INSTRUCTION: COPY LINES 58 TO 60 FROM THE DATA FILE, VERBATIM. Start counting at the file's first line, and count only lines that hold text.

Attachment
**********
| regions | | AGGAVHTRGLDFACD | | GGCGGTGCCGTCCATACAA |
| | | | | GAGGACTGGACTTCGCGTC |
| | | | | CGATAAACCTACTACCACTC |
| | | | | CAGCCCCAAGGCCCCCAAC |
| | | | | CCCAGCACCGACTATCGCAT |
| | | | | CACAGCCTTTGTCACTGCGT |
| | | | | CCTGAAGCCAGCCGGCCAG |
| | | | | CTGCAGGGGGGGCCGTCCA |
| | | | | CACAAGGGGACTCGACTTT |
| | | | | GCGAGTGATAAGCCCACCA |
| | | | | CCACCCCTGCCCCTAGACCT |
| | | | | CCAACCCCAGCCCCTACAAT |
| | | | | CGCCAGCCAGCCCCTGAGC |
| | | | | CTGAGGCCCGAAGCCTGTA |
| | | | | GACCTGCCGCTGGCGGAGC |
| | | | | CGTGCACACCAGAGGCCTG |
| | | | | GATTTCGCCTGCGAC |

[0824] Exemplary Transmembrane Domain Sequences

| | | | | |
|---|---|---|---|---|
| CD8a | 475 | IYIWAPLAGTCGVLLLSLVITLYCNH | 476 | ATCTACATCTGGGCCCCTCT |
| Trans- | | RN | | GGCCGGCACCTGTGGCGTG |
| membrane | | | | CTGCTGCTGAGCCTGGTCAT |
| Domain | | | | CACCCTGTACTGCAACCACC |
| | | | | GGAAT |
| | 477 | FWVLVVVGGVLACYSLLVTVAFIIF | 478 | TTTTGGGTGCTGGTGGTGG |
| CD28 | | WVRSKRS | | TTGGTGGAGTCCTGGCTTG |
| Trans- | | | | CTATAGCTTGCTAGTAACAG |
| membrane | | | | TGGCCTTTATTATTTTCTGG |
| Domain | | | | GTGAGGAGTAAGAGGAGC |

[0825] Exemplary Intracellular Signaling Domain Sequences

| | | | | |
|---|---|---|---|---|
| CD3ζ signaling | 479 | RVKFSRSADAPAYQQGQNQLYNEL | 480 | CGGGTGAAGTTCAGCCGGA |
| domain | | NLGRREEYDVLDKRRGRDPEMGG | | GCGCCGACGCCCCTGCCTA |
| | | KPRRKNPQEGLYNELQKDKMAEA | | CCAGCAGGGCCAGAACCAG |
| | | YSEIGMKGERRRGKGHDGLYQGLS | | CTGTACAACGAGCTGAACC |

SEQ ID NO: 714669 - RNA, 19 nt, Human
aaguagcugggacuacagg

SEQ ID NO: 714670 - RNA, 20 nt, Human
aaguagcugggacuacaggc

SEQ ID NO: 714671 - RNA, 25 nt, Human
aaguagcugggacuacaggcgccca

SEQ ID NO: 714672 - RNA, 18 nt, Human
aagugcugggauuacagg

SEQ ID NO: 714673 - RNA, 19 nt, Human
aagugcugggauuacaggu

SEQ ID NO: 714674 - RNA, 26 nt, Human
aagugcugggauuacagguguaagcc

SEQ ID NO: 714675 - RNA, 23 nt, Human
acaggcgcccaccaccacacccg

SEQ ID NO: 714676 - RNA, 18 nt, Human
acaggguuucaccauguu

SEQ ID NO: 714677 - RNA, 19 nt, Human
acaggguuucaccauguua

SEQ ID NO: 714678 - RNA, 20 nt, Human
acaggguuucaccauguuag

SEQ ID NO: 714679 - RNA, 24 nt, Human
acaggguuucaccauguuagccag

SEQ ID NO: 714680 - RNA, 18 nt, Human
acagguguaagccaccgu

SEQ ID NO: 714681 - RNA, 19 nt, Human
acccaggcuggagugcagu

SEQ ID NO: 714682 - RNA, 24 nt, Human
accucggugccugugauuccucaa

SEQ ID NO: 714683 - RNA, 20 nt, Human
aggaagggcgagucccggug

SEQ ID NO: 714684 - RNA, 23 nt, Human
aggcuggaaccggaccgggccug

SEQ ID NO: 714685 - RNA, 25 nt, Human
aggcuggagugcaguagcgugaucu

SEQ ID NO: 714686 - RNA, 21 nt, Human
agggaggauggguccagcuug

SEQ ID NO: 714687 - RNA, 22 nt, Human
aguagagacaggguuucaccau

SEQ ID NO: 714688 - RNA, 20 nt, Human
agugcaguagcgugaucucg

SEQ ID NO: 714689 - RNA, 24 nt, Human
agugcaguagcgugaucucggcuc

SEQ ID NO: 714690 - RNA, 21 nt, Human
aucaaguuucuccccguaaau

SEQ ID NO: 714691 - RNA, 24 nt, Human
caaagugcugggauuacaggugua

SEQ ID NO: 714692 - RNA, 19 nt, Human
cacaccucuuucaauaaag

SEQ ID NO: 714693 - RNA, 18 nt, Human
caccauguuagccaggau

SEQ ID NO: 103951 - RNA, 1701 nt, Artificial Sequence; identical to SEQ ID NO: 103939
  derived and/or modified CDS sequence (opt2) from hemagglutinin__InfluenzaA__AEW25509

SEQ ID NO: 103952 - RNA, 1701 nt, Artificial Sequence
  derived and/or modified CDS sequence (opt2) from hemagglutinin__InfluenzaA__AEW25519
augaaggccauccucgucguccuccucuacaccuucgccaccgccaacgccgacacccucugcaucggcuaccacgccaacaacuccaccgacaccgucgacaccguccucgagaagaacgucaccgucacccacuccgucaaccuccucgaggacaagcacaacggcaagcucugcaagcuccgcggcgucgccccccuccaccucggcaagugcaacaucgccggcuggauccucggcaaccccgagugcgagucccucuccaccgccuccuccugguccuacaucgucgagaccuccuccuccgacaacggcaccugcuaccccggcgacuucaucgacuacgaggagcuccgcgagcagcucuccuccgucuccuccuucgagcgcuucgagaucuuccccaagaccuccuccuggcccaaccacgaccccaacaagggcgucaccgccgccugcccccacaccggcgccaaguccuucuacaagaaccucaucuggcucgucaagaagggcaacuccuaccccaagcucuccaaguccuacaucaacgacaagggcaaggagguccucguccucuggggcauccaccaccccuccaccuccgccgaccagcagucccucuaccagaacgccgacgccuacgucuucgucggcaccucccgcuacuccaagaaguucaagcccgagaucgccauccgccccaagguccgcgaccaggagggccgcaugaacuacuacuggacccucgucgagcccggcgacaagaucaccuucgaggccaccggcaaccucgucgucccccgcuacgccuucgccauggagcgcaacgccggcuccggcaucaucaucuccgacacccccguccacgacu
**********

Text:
SEQ ID NO: 714679 - RNA, 24 nt, Human
acaggguuucaccauguuagccag

SEQ ID NO: 714680 - RNA, 18 nt, Human